It’s not business as usual

I support the strike because I want my degree to be from an institution that has some sense of social justice.

President Bruininks and those in University Human Resources who keep sending me e-mails say that business will be conducted as usual on campus. Classes will still be held; services will be provided. Well, Bob, you are wrong.

Since the AFSCME strike began, I know of a few students who could not bear to cross the picket line to go into their dentist appointments after talking with the workers there. I am going to have to cancel my own appointment because I am worried that the equipment won’t be properly sanitized when I get there. I have had to travel to my local CVS to get prescriptions filled (and it has taken longer as the pharmacist there has tried to make contact with Boynton Health Service), instead of going to Boynton directly.

Business has not gone on as usual.

I have spent countless hours organizing for the strike – putting my own dissertation research on hold (luckily, my adviser understands – I can’t get access to the archives anyway). I have also spent a majority of the time in my classroom with my students talking about the strike, correcting the vague or misinformation that is out there – my students have come with the questions, and it is my job to help them understand the situation. In other words, teaching about argumentation has been put on hold; my research is put on hold. Business has not gone on as usual.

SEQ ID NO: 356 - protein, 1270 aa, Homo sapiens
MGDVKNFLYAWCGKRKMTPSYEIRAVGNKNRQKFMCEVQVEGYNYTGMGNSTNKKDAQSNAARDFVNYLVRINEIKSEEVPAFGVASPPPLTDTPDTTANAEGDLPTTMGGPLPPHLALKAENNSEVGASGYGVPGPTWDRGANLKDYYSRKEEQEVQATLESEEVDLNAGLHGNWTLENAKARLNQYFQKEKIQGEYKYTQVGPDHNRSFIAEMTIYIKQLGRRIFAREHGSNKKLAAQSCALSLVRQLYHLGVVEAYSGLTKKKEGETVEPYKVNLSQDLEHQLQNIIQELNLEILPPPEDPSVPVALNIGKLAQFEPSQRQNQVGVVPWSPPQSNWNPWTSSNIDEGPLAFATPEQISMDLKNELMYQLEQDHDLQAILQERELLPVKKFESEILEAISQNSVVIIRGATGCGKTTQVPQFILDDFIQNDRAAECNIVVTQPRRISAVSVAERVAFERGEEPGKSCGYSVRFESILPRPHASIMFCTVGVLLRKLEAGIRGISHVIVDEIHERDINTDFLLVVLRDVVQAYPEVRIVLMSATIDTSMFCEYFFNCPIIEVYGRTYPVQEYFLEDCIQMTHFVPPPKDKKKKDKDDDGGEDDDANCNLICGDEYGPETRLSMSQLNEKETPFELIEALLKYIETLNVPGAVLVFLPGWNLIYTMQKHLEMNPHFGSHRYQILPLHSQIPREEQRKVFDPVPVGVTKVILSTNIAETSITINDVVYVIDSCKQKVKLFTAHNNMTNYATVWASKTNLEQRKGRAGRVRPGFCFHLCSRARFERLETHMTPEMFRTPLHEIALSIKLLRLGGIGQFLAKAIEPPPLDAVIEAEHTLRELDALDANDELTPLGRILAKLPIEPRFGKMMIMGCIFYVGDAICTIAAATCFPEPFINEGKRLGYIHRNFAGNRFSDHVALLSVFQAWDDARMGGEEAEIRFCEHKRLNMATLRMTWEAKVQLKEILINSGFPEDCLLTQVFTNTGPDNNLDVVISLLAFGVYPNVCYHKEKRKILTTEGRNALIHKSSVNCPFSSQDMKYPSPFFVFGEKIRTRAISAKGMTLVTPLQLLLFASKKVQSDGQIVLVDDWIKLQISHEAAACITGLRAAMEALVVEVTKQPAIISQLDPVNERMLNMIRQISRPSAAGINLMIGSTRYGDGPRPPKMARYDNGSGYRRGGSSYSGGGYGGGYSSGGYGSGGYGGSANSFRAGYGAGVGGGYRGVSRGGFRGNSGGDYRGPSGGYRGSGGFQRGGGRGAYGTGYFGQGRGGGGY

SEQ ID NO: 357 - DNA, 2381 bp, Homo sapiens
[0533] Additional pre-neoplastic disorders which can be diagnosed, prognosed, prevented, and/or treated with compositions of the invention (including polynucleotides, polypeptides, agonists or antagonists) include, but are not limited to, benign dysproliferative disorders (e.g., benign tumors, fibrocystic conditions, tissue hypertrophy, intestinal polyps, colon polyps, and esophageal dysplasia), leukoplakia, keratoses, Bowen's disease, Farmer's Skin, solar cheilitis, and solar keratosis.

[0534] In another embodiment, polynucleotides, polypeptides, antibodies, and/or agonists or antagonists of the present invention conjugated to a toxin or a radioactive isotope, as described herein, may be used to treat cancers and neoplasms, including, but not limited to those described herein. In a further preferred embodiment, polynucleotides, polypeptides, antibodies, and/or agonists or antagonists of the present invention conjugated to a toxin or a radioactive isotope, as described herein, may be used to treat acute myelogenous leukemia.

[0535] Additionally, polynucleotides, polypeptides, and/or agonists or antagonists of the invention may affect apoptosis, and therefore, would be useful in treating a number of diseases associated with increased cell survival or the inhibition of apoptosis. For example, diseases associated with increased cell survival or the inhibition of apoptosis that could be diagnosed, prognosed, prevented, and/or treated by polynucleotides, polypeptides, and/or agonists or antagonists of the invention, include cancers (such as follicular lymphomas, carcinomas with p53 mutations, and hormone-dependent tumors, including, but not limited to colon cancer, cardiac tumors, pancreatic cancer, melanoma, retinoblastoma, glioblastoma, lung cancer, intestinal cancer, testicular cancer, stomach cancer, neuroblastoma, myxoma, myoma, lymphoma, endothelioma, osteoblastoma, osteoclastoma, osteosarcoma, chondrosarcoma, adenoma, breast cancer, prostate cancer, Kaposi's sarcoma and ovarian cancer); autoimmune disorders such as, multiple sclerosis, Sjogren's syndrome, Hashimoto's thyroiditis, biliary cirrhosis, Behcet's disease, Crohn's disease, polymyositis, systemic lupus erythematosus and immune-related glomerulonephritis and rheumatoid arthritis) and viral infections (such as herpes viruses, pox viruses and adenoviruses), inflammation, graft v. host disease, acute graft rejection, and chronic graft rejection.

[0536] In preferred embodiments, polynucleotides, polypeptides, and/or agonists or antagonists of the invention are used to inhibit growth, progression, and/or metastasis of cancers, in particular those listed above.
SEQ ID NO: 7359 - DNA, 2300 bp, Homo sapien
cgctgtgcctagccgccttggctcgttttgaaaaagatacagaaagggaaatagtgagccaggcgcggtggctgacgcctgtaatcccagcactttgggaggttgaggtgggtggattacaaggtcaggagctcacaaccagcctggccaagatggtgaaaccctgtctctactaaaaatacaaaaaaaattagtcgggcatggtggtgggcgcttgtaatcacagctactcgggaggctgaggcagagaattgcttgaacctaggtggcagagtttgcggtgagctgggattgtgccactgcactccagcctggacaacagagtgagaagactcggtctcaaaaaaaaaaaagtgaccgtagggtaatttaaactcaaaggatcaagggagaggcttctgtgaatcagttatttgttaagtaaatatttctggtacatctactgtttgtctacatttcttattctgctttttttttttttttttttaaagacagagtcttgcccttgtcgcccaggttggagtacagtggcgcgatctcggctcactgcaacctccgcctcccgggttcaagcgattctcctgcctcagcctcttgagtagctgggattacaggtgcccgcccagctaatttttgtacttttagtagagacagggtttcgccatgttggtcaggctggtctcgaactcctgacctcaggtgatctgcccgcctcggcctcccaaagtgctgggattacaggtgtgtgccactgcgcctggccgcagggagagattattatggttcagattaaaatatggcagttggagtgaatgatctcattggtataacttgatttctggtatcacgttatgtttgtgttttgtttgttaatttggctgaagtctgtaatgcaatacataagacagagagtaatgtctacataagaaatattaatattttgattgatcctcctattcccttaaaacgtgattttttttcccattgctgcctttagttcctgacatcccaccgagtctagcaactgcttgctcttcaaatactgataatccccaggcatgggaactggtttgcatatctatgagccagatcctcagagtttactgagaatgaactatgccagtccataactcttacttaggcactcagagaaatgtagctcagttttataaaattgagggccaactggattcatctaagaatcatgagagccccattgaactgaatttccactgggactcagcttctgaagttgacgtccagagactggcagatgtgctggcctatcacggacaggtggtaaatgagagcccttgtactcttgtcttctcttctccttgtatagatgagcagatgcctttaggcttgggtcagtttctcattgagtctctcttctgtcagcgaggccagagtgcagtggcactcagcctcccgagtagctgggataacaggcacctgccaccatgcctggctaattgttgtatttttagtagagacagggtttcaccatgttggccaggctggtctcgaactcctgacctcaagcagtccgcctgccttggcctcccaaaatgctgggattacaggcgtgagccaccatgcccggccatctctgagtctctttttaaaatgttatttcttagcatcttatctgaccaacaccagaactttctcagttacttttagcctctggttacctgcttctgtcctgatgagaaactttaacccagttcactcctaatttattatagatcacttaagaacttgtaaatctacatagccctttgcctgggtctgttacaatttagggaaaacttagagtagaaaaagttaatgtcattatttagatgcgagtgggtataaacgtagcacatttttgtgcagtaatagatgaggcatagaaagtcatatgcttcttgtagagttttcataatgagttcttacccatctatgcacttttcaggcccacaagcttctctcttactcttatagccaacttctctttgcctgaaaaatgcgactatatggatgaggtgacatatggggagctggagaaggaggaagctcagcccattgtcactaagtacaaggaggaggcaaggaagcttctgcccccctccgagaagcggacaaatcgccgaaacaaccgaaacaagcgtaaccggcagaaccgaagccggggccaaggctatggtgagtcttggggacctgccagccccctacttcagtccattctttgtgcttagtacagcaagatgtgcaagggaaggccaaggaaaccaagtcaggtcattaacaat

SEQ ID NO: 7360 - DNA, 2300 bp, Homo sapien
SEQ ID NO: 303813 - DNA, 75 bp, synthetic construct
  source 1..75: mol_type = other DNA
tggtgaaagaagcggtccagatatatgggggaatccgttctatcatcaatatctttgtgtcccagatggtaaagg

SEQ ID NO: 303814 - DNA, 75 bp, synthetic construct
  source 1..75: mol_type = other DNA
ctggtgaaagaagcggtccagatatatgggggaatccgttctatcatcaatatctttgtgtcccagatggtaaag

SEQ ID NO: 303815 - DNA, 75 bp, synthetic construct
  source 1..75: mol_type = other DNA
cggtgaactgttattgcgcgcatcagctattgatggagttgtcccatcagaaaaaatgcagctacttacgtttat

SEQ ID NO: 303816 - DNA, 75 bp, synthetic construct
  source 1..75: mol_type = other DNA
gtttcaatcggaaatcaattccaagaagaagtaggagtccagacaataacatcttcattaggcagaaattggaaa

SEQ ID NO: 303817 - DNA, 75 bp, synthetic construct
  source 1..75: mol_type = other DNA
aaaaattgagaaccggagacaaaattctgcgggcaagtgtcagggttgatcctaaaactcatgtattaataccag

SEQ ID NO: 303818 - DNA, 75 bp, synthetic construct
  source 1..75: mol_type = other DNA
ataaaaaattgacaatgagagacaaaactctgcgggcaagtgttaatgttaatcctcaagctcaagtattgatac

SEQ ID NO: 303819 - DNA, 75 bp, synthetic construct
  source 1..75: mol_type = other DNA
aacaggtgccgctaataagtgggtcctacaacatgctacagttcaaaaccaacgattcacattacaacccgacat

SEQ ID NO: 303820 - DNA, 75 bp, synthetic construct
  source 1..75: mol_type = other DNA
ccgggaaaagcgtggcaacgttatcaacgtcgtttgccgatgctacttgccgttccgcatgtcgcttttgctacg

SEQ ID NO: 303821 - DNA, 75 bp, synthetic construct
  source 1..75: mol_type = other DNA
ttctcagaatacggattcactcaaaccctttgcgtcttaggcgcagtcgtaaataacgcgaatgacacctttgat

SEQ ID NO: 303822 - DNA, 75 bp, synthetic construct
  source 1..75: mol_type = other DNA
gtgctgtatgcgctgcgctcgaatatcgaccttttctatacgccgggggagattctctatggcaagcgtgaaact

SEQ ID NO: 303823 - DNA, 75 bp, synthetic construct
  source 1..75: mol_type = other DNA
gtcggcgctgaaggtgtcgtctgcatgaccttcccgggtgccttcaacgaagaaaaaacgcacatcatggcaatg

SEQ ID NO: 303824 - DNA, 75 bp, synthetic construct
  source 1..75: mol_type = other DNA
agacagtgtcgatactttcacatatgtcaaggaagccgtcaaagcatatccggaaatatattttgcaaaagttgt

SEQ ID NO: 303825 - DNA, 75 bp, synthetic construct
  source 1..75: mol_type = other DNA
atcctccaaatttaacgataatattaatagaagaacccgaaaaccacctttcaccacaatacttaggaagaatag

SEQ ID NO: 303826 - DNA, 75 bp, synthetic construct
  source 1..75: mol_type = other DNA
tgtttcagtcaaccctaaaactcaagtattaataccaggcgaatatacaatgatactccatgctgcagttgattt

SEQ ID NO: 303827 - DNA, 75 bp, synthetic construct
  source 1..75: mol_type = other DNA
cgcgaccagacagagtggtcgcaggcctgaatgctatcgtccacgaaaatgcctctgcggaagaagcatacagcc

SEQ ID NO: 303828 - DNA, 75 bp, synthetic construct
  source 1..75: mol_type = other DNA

Sure, I don’t have to be on the picket lines or attending meetings about worker support. I could be “making progress on my degree.” But I also don’t want my degree to be from a university that does not offer fair wages or that cannot provide for all of its employees. I do not want a degree from a university that says that students are apathetic to the strike when it was students who charged into the Regents’ meeting. I am working to support the strike because I want my degree to be from an institution that upholds its educational mission and has some sense of social justice. Right now, that is not this University, but I, along with my students, are trying to correct this situation. Does this sound like business as usual, Bob?

Amy Pason is a University Ph.D. candidate in the department of communication studies. Please send comments to [email protected]